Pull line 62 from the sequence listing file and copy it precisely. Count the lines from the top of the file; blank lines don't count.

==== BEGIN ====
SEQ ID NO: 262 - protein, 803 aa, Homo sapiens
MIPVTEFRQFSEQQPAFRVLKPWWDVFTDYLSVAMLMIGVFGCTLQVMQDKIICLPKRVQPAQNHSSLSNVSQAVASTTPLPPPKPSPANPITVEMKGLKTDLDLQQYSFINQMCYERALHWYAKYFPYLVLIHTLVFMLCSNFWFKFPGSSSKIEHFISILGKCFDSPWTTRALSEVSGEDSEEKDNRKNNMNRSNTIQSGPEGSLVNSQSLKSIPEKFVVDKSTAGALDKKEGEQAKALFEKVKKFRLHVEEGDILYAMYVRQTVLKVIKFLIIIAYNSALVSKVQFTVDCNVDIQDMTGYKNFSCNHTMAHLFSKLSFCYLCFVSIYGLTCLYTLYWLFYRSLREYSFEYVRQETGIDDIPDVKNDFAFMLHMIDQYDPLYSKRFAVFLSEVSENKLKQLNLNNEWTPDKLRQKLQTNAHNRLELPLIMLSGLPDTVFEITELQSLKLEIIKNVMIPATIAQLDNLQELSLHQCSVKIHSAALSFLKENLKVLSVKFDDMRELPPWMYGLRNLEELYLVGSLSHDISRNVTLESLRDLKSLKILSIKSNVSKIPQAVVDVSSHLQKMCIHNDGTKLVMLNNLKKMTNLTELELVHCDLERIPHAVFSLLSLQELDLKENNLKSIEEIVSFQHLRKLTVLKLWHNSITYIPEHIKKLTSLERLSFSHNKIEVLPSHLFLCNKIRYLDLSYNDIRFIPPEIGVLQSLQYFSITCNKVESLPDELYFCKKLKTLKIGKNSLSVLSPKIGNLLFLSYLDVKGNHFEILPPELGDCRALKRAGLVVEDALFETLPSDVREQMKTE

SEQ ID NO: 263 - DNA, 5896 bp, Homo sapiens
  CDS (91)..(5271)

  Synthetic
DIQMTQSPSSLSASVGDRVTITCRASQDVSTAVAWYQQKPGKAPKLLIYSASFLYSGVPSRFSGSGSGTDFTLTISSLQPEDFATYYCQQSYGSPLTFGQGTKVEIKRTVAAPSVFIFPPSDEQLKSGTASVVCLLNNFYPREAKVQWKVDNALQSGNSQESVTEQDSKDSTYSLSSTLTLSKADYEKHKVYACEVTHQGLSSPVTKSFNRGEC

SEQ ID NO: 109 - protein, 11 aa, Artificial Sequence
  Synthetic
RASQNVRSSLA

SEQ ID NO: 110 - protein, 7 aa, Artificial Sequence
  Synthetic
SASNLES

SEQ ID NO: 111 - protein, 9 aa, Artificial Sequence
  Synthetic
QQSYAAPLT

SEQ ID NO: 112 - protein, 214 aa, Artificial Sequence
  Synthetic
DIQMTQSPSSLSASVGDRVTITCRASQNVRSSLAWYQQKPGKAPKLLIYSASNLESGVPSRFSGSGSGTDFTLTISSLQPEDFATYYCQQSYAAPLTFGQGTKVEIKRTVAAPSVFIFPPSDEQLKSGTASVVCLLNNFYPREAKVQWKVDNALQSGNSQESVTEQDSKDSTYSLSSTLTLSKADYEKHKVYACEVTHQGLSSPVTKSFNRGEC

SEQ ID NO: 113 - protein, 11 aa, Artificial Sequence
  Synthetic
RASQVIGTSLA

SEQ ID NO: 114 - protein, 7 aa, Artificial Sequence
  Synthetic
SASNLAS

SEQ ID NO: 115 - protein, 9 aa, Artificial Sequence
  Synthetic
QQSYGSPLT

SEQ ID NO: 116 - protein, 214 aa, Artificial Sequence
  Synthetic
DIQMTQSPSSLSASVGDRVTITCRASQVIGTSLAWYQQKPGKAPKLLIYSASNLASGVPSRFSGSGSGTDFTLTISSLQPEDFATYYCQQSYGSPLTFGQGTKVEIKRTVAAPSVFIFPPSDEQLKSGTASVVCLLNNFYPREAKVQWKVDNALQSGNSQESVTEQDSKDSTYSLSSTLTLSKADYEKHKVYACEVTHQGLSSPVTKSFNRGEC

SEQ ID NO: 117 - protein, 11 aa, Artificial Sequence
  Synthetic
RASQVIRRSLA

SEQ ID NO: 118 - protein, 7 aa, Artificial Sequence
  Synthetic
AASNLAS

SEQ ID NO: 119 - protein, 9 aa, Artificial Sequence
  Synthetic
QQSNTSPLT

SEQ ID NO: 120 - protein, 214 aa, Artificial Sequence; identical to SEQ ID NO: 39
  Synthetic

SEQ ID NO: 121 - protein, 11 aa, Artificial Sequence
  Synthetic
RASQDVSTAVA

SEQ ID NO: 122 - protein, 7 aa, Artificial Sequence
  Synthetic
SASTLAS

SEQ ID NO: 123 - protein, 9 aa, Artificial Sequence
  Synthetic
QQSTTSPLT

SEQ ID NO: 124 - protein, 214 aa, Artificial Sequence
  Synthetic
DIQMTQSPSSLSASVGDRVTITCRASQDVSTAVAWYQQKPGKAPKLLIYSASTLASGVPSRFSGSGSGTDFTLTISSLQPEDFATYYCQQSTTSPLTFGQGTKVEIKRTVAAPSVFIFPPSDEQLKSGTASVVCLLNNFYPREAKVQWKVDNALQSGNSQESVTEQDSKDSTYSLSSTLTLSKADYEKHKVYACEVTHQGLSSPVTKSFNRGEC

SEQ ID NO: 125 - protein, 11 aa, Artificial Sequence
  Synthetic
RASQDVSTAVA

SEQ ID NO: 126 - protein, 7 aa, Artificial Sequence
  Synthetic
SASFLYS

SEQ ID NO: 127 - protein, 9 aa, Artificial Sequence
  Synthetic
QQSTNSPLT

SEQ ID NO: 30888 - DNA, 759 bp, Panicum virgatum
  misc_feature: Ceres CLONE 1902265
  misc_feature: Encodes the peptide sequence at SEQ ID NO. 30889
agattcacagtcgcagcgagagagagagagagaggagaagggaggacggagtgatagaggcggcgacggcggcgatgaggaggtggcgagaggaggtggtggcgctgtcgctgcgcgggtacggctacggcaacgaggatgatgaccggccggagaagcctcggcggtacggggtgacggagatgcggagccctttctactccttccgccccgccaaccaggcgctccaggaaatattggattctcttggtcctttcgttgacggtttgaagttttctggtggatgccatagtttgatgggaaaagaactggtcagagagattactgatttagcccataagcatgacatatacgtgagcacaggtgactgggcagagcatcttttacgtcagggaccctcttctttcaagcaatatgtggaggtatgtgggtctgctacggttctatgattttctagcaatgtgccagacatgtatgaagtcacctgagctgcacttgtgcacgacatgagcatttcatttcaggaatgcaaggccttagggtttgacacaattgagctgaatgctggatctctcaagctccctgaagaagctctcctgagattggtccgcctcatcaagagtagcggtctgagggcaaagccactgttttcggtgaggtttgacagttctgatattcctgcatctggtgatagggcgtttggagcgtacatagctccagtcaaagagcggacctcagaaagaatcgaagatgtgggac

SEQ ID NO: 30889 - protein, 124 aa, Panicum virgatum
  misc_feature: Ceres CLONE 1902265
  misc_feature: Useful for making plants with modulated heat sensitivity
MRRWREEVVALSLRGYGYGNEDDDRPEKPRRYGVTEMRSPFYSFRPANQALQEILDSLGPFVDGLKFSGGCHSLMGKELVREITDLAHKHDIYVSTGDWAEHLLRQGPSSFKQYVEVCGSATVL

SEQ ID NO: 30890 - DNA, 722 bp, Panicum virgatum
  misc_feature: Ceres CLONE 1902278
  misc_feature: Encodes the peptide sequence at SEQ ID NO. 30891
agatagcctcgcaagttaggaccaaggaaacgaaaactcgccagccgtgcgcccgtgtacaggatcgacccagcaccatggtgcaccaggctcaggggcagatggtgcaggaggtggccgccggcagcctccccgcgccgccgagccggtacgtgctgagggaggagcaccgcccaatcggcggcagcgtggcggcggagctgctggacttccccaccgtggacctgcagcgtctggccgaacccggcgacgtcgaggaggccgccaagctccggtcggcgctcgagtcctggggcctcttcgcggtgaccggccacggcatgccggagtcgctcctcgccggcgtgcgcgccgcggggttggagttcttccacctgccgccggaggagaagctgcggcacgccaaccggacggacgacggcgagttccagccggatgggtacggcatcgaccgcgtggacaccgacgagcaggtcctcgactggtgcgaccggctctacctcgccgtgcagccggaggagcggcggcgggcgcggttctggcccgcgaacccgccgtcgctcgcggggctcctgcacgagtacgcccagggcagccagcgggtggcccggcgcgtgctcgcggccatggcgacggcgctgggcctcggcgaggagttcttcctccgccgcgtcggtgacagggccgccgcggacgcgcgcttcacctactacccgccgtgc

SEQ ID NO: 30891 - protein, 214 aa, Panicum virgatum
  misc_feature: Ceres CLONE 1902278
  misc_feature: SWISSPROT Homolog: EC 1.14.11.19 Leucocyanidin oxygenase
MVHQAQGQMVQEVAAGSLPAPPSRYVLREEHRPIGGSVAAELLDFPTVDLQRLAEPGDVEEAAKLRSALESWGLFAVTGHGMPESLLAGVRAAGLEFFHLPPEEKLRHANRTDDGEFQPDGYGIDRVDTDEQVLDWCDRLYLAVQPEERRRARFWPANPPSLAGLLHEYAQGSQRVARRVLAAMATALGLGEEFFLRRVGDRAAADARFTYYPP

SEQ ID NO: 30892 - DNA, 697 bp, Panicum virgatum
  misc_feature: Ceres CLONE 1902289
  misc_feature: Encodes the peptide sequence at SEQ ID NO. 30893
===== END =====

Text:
QQSTNSPLT